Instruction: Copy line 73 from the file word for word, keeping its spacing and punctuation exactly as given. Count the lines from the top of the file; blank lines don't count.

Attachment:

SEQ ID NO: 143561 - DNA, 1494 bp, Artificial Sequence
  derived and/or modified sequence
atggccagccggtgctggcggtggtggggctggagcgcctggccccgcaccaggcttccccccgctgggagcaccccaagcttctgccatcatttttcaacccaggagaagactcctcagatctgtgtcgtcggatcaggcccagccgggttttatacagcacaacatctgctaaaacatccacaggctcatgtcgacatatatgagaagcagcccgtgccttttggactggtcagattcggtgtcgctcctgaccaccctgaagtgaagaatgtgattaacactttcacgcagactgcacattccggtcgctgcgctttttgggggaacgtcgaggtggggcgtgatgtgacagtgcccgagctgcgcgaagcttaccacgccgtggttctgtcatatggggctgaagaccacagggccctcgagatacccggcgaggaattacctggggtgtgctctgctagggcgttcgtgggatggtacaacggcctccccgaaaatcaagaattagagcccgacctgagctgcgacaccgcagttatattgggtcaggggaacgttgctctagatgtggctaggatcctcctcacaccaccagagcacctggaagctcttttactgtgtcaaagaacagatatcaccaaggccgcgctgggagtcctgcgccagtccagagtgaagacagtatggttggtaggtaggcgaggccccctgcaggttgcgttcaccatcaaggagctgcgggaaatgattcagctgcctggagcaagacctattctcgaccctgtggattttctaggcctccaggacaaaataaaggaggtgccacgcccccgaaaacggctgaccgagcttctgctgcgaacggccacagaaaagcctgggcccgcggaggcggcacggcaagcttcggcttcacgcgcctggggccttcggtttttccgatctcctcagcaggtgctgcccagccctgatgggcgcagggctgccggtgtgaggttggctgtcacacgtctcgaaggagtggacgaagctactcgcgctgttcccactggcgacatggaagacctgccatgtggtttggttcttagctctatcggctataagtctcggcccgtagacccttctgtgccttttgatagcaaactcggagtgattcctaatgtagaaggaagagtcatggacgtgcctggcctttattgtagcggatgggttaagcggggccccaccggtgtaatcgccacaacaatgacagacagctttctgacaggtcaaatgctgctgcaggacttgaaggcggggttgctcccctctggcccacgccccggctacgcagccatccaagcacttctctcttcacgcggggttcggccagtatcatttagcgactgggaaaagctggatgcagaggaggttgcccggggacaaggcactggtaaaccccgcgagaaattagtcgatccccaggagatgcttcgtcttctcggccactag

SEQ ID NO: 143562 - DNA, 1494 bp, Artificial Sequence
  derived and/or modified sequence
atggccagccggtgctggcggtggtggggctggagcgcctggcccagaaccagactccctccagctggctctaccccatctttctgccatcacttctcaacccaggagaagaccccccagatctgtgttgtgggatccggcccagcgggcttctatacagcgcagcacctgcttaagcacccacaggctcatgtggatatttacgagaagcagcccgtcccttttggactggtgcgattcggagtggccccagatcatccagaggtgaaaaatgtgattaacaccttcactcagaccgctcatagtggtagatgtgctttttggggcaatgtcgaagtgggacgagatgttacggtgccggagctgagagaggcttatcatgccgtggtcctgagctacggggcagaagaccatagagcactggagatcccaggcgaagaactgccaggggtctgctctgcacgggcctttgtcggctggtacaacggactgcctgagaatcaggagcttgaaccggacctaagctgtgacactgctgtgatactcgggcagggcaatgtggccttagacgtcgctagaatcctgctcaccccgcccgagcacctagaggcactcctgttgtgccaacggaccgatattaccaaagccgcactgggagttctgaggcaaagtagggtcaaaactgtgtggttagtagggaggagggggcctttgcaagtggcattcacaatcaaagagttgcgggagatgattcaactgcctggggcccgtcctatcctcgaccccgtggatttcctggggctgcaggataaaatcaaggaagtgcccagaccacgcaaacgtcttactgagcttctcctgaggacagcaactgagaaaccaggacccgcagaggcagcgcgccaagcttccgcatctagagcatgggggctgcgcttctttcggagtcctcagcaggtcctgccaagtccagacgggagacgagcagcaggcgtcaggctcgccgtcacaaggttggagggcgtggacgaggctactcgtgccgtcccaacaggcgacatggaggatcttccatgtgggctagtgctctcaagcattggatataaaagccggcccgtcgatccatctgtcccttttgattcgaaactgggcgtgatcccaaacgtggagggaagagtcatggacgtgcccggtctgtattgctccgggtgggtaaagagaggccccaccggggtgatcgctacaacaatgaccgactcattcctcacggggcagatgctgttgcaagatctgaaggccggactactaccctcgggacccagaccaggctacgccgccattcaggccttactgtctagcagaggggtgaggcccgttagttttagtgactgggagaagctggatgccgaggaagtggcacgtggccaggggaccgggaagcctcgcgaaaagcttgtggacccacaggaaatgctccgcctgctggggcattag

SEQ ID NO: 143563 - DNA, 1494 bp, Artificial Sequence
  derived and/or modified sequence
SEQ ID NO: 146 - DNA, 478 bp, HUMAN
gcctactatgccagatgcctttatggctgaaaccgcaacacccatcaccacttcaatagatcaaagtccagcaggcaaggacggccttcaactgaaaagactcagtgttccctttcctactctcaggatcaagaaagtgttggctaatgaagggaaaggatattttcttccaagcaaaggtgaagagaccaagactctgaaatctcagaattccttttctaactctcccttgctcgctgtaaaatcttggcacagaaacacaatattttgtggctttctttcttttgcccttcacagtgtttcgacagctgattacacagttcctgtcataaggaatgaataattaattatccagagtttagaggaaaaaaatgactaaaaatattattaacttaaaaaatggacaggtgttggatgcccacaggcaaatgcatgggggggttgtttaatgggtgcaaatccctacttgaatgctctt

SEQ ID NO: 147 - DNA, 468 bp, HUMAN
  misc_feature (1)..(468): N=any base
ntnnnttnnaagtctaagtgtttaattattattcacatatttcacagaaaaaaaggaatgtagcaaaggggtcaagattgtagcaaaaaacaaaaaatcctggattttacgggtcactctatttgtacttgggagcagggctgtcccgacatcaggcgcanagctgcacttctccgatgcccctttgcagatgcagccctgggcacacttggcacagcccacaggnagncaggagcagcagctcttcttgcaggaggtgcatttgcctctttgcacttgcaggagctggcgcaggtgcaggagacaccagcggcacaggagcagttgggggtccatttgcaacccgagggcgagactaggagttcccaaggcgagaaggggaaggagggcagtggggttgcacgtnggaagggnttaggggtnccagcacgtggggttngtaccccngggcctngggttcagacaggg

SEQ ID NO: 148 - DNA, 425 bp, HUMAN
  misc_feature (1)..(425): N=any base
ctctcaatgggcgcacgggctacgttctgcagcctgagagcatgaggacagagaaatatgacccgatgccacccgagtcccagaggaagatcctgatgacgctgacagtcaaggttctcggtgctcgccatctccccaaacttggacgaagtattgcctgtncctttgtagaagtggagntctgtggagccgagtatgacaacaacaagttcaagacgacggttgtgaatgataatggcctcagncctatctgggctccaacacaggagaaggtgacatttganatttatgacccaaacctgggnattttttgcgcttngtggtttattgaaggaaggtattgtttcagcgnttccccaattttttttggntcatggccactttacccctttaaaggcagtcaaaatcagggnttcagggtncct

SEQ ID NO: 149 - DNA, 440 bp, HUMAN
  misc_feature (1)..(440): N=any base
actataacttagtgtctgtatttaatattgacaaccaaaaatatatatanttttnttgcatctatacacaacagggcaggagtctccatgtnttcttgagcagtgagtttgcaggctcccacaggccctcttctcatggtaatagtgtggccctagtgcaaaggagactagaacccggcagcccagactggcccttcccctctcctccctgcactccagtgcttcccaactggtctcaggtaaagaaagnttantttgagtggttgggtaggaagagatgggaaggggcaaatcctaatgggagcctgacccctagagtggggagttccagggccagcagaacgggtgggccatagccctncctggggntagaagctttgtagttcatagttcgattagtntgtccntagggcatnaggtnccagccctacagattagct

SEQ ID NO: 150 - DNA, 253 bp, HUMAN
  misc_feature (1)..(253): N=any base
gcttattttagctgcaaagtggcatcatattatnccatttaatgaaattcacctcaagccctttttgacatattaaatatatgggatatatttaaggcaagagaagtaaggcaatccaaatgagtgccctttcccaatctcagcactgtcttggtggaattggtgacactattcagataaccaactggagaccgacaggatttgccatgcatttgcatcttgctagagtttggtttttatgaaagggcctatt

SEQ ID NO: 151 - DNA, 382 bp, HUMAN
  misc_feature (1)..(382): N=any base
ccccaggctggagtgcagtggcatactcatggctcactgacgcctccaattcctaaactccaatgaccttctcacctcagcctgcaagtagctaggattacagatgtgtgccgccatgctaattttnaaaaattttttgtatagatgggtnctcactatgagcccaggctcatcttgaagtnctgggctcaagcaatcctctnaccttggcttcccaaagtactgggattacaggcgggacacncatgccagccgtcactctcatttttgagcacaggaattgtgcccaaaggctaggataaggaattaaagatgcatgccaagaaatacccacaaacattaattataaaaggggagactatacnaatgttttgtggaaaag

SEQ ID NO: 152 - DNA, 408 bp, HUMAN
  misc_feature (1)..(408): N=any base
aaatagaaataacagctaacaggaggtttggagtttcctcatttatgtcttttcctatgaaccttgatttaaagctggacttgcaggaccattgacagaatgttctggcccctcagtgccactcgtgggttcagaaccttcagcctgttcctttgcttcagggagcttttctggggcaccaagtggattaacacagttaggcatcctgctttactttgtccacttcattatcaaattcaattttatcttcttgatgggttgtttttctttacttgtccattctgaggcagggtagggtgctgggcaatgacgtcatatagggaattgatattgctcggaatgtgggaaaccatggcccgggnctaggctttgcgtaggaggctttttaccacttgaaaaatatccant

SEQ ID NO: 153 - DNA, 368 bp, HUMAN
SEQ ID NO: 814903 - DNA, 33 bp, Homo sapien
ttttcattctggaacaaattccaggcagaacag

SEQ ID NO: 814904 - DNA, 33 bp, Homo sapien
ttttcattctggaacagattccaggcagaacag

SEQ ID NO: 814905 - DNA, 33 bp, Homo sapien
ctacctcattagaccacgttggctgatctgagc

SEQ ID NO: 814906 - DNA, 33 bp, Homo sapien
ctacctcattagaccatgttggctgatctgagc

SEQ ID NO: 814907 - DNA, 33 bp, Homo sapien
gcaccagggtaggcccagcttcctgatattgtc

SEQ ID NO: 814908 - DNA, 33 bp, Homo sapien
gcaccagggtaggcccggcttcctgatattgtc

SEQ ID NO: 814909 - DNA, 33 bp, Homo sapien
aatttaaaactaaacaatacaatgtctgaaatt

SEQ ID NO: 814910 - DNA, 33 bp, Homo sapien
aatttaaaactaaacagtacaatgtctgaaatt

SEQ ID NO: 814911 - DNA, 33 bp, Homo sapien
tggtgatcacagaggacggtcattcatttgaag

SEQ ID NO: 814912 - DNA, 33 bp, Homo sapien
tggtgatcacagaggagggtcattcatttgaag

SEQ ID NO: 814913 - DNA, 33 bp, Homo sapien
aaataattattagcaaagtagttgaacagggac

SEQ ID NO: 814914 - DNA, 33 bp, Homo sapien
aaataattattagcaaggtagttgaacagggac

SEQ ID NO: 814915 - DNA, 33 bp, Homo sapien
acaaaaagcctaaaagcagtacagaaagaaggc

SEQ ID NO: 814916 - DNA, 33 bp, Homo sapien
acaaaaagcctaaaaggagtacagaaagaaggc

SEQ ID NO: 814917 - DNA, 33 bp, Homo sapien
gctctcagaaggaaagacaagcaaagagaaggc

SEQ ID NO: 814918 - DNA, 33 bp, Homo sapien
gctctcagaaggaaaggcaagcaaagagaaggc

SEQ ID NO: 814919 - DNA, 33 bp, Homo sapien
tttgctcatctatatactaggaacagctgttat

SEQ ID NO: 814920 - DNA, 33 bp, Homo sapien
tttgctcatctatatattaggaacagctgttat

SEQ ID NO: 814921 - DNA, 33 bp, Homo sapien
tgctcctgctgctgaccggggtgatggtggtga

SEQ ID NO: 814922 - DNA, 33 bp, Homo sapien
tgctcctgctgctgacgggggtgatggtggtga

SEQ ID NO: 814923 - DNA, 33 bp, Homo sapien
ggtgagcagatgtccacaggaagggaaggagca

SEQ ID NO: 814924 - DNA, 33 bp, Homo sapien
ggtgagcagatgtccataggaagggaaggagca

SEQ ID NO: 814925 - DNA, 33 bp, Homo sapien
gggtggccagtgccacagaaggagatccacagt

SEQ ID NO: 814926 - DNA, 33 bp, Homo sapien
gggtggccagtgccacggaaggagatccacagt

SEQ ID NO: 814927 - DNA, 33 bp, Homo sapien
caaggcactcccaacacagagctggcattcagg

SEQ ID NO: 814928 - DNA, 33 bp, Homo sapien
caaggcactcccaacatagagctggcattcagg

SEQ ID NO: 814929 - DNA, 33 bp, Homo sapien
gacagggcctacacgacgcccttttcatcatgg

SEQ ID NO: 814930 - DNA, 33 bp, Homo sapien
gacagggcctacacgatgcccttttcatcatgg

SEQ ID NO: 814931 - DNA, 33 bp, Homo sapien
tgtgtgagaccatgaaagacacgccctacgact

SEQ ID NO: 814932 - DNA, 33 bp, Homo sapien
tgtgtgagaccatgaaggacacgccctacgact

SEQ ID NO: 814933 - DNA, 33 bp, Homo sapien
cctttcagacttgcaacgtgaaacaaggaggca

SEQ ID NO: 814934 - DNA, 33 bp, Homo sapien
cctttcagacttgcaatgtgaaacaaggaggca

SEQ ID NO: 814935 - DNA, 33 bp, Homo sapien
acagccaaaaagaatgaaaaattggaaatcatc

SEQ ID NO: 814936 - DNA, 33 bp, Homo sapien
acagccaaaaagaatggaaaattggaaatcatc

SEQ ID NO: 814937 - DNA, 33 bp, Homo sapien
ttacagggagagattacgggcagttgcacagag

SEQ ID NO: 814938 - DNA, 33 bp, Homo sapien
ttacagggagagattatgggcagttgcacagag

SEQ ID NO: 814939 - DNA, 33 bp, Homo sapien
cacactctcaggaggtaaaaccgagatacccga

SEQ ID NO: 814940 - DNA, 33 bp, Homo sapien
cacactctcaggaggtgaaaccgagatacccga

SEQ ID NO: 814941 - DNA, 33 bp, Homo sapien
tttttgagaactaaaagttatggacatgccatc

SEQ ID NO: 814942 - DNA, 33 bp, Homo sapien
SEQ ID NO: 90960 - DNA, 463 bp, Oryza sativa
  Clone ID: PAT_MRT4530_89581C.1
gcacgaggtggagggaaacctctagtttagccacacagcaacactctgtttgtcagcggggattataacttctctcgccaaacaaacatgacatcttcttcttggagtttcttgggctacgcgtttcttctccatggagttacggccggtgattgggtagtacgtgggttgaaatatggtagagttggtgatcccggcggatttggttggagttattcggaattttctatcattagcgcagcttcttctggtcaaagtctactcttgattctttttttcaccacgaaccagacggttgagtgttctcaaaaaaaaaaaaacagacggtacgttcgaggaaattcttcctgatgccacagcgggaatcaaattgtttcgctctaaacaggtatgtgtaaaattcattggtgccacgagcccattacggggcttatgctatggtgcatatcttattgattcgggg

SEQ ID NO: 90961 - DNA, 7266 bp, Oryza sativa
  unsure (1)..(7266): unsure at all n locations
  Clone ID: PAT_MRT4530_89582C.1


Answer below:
ggtgagcagatgtccataggaagggaaggagca